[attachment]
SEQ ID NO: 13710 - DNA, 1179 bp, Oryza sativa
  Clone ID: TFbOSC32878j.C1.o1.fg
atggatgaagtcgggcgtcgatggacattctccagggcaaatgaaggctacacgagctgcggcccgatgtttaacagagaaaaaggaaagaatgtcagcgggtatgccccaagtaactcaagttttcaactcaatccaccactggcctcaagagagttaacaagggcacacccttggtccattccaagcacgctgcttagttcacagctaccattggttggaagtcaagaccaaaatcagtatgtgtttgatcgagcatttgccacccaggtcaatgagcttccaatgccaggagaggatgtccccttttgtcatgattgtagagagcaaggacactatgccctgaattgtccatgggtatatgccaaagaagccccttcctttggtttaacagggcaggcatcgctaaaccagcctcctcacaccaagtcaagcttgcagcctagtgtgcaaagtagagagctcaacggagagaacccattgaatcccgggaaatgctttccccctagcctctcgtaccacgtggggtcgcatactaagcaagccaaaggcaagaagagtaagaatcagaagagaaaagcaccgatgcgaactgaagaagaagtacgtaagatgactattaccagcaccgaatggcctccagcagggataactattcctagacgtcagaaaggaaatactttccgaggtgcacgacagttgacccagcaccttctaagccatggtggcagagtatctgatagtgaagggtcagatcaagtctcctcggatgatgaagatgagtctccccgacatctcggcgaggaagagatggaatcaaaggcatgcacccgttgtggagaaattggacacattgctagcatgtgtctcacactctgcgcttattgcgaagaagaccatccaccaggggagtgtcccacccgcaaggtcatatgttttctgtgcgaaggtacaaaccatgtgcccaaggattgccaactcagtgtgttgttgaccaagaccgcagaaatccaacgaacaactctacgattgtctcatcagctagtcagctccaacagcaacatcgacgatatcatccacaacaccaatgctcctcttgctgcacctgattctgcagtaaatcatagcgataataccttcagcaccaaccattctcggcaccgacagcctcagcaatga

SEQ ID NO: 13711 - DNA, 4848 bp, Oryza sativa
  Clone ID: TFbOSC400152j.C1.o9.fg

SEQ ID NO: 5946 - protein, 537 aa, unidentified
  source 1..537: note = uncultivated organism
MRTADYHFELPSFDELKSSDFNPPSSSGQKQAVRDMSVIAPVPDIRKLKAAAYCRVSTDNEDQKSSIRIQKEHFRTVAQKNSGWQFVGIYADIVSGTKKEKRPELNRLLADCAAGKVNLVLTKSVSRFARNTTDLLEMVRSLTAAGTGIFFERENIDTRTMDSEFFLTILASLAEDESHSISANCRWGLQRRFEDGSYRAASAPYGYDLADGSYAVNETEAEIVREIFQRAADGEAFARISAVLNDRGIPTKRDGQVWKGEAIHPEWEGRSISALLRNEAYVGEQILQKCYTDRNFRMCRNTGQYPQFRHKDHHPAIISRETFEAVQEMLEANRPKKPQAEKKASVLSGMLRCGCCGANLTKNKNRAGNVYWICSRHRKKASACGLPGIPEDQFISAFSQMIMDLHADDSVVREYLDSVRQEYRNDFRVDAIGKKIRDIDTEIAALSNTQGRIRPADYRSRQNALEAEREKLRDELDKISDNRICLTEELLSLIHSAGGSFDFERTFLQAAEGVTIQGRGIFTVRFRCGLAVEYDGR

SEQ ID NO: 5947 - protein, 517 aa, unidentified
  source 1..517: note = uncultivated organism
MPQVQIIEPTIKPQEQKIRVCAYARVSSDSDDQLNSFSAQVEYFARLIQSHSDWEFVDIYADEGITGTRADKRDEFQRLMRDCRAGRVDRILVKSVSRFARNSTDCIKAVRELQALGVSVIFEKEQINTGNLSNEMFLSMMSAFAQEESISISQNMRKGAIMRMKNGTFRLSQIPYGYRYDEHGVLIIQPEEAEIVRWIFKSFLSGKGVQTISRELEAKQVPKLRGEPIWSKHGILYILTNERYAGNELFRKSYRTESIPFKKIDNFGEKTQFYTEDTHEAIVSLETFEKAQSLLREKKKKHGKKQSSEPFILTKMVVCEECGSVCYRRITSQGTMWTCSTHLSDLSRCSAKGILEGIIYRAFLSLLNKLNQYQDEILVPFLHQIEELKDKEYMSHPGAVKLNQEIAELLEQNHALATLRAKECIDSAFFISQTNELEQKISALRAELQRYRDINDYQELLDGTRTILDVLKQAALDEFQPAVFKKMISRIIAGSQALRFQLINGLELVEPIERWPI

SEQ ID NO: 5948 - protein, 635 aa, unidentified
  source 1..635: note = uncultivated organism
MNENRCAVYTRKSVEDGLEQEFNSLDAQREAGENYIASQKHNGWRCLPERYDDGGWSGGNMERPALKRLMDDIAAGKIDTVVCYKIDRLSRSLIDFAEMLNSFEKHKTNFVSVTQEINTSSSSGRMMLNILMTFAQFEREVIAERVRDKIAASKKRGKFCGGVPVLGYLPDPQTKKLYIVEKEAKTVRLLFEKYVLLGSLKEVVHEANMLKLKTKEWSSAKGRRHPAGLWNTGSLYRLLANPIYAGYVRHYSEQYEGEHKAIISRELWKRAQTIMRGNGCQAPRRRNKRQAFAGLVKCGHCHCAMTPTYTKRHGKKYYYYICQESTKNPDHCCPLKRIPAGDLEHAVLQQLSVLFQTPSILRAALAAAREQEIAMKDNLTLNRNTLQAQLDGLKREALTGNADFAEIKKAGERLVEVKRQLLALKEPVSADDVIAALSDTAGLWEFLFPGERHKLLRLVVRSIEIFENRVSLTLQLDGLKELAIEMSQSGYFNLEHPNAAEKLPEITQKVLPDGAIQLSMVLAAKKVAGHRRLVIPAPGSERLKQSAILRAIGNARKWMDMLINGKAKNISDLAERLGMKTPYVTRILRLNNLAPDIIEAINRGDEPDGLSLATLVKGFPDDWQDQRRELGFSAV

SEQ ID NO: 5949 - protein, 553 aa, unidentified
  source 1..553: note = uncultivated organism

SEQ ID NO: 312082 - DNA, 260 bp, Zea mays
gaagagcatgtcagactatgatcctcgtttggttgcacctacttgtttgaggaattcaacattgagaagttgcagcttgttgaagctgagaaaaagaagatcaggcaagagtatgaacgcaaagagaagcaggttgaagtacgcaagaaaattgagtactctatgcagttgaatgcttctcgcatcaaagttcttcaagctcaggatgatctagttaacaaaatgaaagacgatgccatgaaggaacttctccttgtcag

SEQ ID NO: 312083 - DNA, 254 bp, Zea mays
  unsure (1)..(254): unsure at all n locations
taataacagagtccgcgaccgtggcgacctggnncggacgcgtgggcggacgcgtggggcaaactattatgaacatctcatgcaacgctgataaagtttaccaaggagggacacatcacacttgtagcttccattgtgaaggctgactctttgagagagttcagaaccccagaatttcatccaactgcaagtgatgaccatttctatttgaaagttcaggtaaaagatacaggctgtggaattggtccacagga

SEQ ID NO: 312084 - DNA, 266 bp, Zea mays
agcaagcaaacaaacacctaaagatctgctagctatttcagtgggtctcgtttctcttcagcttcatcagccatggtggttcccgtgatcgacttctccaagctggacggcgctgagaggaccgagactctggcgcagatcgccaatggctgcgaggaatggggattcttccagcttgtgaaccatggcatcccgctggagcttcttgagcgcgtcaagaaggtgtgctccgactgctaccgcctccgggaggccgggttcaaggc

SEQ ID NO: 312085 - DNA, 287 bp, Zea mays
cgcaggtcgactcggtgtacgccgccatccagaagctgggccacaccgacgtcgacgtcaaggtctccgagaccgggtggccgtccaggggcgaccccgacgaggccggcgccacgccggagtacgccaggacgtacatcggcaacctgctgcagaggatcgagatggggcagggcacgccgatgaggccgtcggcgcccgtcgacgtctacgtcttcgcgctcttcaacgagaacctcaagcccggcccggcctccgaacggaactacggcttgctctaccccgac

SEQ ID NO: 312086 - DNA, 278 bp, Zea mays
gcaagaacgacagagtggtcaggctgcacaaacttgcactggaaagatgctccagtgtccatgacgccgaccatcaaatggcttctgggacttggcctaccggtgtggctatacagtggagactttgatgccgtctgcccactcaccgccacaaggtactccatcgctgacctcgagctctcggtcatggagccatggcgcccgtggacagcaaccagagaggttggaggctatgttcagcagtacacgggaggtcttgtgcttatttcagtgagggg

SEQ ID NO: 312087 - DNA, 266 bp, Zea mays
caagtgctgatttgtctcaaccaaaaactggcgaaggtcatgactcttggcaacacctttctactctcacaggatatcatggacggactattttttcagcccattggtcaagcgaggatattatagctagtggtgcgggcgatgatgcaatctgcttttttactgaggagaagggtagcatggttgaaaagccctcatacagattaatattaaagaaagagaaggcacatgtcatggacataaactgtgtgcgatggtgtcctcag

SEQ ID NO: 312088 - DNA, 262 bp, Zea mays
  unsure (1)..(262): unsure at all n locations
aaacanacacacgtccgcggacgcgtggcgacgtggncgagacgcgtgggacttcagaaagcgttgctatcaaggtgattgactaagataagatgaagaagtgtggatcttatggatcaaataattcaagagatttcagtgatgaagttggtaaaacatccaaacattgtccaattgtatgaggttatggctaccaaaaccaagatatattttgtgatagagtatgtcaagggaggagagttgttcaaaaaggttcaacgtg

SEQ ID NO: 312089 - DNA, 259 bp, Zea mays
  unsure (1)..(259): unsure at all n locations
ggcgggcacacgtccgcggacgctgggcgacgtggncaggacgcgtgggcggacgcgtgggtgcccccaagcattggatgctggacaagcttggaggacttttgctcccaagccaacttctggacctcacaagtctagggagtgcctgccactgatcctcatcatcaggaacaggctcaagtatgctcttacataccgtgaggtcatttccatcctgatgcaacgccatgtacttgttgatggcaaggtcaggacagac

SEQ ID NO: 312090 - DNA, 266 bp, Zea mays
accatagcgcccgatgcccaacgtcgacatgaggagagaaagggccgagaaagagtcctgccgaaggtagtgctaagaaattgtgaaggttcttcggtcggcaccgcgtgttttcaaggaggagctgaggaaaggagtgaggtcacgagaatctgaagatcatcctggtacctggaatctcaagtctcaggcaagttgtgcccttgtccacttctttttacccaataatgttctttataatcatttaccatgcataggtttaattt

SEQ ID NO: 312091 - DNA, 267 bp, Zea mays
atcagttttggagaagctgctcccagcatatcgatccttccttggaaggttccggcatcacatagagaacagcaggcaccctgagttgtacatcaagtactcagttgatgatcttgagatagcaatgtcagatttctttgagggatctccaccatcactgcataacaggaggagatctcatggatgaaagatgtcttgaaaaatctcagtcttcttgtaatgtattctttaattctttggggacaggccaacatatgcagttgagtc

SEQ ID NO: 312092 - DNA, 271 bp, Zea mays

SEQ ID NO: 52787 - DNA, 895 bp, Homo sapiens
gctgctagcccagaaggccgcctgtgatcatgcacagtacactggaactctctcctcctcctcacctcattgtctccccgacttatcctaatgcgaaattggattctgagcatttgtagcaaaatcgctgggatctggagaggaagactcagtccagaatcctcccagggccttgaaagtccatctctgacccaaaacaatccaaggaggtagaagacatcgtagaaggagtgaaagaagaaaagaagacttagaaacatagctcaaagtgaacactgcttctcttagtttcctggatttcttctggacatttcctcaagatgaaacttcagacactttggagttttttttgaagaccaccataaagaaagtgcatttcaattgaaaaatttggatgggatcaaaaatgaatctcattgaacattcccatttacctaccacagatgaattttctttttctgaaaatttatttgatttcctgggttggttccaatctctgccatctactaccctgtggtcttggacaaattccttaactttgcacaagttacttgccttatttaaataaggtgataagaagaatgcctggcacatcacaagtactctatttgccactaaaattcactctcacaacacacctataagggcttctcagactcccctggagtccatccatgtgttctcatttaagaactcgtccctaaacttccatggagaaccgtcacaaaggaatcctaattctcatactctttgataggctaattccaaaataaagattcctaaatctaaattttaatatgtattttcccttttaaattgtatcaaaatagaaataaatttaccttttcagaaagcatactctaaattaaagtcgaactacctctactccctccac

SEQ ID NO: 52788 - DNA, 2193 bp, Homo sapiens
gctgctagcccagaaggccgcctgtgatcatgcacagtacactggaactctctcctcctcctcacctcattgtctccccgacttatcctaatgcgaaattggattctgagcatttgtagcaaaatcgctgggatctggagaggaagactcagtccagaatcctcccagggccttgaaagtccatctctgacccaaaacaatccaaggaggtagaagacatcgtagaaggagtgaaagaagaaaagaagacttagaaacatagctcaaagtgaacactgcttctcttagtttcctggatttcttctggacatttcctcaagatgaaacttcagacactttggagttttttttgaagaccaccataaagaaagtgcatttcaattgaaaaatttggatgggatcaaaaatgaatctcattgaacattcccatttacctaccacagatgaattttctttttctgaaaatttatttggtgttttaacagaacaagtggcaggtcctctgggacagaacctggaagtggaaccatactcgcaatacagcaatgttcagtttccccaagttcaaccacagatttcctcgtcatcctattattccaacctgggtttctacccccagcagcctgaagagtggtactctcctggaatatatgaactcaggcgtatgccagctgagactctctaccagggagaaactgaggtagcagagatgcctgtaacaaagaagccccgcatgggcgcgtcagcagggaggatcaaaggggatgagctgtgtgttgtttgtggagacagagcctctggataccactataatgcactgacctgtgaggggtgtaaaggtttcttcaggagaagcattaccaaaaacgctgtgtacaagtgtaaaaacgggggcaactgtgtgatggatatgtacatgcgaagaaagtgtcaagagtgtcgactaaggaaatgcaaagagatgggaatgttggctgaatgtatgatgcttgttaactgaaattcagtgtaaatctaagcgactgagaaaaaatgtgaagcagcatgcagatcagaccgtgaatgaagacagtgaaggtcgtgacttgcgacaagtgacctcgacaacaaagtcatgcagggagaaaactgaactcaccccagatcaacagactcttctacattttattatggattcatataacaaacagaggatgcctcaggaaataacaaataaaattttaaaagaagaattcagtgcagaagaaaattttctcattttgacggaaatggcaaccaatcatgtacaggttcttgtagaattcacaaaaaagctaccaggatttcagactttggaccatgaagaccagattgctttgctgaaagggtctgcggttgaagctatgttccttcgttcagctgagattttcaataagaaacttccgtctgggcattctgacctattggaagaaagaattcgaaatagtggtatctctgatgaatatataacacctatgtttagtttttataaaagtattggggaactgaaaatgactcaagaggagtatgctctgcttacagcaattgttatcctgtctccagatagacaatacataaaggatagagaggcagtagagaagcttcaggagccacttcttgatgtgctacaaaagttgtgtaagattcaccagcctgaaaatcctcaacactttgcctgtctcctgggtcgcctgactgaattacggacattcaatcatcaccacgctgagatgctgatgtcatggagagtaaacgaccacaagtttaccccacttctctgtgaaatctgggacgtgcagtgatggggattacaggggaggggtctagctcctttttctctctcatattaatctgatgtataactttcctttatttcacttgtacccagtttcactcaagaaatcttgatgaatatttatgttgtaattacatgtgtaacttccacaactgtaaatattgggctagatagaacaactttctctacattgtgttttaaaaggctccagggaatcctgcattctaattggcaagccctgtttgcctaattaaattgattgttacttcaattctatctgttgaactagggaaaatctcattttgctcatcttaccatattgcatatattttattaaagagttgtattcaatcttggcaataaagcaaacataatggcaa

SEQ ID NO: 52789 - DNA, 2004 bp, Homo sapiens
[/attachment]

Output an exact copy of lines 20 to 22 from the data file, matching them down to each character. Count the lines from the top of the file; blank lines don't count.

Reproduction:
  unsure (1)..(254): unsure at all n locations
taataacagagtccgcgaccgtggcgacctggnncggacgcgtgggcggacgcgtggggcaaactattatgaacatctcatgcaacgctgataaagtttaccaaggagggacacatcacacttgtagcttccattgtgaaggctgactctttgagagagttcagaaccccagaatttcatccaactgcaagtgatgaccatttctatttgaaagttcaggtaaaagatacaggctgtggaattggtccacagga

SEQ ID NO: 312084 - DNA, 266 bp, Zea mays